Pirate Bay Filled with Oscar Gold
Arrr you killing the film industry
Ross Keith & Max Willens
Over the past decade, the Academy of Motion Picture Arts and Sciences – the body that presides over the Oscars – has been fighting against online piracy. However in the past eleven years 62% of films sent to Academy members for consideration have appeared on sites like The Pirate Bay weeks and even months before their official release dates.
The Motion Picture Association of America has stated that the film industry employs over two million people and provides $104 billion dollars in wages in the United States. Estimates by the organization put online piracy costs the film industry at more than $20 billion per year. While that number has been questioned by some experts the MPAA spent at least $2.2 million on lobbying efforts in 2013 alone.
The economic structure of the film industry is centered around the overwhelming success of the blockbusters, overwhelming profitable films which account for a majority of industry revenue. However since most of these films end up nominated for Oscars they are usually pirated before official release dates.
We propose creating a visualization that displays how quickly Oscar nominated films have been pirated over the past eleven years. We have not determined how this will best be visualized but our early discussion has leaned towards a interactive bubble chart, filterable along data points.
During our initial examination of the data it appears that the average number of days until the screener leaked has gone through two distinct slides. The averages in 2008 and 2014 were about three weeks until leak compared too two months in 2005 and 2011.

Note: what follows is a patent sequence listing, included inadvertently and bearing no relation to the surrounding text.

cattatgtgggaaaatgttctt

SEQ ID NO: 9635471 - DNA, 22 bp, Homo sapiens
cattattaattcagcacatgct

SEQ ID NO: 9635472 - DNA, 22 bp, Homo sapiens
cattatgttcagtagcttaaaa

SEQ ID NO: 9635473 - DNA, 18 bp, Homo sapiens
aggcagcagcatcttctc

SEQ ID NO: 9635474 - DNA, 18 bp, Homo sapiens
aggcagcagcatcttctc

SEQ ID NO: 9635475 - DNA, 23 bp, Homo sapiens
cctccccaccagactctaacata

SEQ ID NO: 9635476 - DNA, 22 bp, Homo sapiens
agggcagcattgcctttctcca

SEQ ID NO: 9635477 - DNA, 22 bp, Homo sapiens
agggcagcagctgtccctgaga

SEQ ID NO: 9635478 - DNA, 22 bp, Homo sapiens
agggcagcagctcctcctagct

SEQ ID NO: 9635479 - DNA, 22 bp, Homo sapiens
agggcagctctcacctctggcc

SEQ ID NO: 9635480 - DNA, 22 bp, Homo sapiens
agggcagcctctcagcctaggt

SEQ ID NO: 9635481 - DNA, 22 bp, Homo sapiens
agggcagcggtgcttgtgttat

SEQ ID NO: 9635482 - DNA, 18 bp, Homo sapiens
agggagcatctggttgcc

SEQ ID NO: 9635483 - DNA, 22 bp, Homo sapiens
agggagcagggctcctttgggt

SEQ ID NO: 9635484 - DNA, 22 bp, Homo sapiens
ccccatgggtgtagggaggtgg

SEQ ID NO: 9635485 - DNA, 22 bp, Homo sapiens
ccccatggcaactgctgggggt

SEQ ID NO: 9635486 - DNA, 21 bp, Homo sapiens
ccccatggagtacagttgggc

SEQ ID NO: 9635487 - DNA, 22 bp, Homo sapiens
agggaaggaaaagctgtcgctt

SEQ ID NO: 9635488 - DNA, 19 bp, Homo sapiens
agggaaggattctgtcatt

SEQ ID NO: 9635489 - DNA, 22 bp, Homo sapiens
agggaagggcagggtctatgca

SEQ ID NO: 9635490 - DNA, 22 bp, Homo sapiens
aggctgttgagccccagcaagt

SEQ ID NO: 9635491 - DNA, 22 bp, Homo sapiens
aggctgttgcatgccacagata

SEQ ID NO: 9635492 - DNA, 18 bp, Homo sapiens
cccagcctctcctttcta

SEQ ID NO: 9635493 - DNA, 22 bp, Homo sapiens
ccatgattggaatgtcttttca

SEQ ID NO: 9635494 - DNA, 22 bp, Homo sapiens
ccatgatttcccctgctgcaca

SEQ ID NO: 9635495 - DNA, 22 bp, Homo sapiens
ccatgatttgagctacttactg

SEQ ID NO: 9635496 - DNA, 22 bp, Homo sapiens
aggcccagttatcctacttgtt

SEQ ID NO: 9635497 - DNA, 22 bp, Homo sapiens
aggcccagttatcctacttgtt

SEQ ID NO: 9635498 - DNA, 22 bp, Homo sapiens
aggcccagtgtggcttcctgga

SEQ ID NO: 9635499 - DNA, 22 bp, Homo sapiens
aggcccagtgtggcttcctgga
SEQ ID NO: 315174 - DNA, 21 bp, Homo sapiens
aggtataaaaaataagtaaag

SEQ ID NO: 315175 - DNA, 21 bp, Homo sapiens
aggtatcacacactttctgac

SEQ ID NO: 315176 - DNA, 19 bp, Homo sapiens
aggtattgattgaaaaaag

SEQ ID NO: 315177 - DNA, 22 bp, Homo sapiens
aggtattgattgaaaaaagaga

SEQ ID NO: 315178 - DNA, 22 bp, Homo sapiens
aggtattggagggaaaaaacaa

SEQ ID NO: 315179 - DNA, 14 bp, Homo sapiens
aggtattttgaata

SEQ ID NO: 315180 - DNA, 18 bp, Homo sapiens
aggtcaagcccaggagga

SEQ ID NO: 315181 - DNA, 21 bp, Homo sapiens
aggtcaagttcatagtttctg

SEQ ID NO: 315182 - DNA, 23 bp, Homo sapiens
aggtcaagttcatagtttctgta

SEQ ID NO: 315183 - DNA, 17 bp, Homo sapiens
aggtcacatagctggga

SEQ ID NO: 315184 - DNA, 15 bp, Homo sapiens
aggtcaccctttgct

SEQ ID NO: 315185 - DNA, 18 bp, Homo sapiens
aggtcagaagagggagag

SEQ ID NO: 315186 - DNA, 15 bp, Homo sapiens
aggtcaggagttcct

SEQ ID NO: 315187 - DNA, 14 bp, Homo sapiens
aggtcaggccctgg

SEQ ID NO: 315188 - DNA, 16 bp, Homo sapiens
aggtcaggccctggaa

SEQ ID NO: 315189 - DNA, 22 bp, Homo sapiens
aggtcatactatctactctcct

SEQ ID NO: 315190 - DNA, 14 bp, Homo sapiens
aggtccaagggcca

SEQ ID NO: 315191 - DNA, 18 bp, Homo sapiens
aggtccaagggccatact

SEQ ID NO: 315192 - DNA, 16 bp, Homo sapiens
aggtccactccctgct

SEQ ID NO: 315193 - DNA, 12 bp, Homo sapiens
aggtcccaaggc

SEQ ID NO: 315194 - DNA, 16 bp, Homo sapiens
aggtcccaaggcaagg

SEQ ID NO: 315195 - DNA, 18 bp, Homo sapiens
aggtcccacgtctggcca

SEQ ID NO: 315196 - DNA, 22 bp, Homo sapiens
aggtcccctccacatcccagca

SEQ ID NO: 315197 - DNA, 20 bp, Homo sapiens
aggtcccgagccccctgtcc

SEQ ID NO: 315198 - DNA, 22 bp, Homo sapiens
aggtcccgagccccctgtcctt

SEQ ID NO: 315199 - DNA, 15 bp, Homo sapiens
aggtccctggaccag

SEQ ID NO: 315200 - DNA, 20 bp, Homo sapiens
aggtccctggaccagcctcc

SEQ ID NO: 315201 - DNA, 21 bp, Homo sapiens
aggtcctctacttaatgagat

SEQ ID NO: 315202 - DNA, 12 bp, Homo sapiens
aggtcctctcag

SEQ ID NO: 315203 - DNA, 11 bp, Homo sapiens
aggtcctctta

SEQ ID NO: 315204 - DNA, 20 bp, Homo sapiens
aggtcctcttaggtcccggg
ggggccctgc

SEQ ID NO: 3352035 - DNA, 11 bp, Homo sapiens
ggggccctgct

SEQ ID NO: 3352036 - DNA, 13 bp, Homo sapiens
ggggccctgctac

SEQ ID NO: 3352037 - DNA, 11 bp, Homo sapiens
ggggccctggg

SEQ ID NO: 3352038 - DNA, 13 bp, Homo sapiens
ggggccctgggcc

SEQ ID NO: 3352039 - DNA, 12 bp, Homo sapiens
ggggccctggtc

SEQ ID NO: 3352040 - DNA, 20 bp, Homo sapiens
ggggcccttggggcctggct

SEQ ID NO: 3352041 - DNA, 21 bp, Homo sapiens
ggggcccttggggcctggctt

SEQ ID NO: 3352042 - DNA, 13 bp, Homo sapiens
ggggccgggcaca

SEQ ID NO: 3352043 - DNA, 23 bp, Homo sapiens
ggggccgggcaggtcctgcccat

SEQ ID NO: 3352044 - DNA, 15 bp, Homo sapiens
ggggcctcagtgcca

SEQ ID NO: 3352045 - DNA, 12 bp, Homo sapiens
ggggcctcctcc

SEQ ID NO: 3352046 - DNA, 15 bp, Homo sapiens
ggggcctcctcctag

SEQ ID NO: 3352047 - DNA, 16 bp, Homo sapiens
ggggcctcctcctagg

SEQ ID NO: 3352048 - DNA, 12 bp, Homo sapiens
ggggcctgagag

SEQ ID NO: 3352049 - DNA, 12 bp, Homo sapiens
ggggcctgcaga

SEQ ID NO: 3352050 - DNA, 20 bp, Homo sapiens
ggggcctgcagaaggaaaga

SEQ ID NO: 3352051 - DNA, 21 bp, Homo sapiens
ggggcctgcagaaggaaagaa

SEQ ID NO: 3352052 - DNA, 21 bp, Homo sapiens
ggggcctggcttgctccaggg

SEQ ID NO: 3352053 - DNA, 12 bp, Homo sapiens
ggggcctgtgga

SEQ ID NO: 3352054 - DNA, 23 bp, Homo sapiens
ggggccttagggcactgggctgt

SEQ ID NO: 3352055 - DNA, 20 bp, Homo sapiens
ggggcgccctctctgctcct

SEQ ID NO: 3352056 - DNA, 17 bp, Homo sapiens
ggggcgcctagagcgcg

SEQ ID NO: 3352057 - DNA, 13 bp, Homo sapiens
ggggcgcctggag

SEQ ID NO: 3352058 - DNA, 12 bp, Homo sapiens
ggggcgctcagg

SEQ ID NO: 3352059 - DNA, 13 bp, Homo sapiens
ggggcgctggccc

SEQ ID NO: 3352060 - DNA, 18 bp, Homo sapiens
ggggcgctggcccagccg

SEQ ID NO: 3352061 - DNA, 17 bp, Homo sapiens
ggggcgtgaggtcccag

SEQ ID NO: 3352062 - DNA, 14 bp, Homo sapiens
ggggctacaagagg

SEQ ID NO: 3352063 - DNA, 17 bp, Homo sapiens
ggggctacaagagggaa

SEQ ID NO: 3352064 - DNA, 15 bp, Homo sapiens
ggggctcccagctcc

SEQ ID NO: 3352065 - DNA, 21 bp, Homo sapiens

We have also obtained data on how frequently the most pirated films have been available on legal streaming sites like Netflix, Hulu and Amazon Video. The vast majority of frequently pirated films are not available legally leading to the conclusion that piracy may stem from availability rather then cost or malice. While we are not certain if we will include this dataset in our final visualization it does seem like an appropriate conclusion to our data narrative.
Our deadline is set for after the Oscar award ceremony and consequently the end of awards season. This will allow us to gather a complete dataset on film leaks for 2014 as well allow us to piggy back on Oscar related buzz.
The above links to a spreadsheet showing how quickly Academy Award-nominated films appeared on torrent sites dating back to 2002. It’s maintained by Andy Baio, a web developer and programmer who’s worked on a variety of platforms and projects over the years.
The second links to data on frequently pirated movies availability on legal streaming services. The site is maintained by Jerry Brito, Eli Dourado, and Matt Sherman and the data is collected from sites TorrentFreak and Can I Stream It.
Nobody’s gotten back to us yet, but we plan on contacting the Academy of Motion Picture Arts and Sciences and the Motion Picture Association of America, as well as the editors of TorrentFreak, a website with news and insights into the news related to torrenting across the globe.
The Academy of Motion Picture Arts and Sciences
Vice President, Corporate Communications
Media Contact, MPAA Washington D.C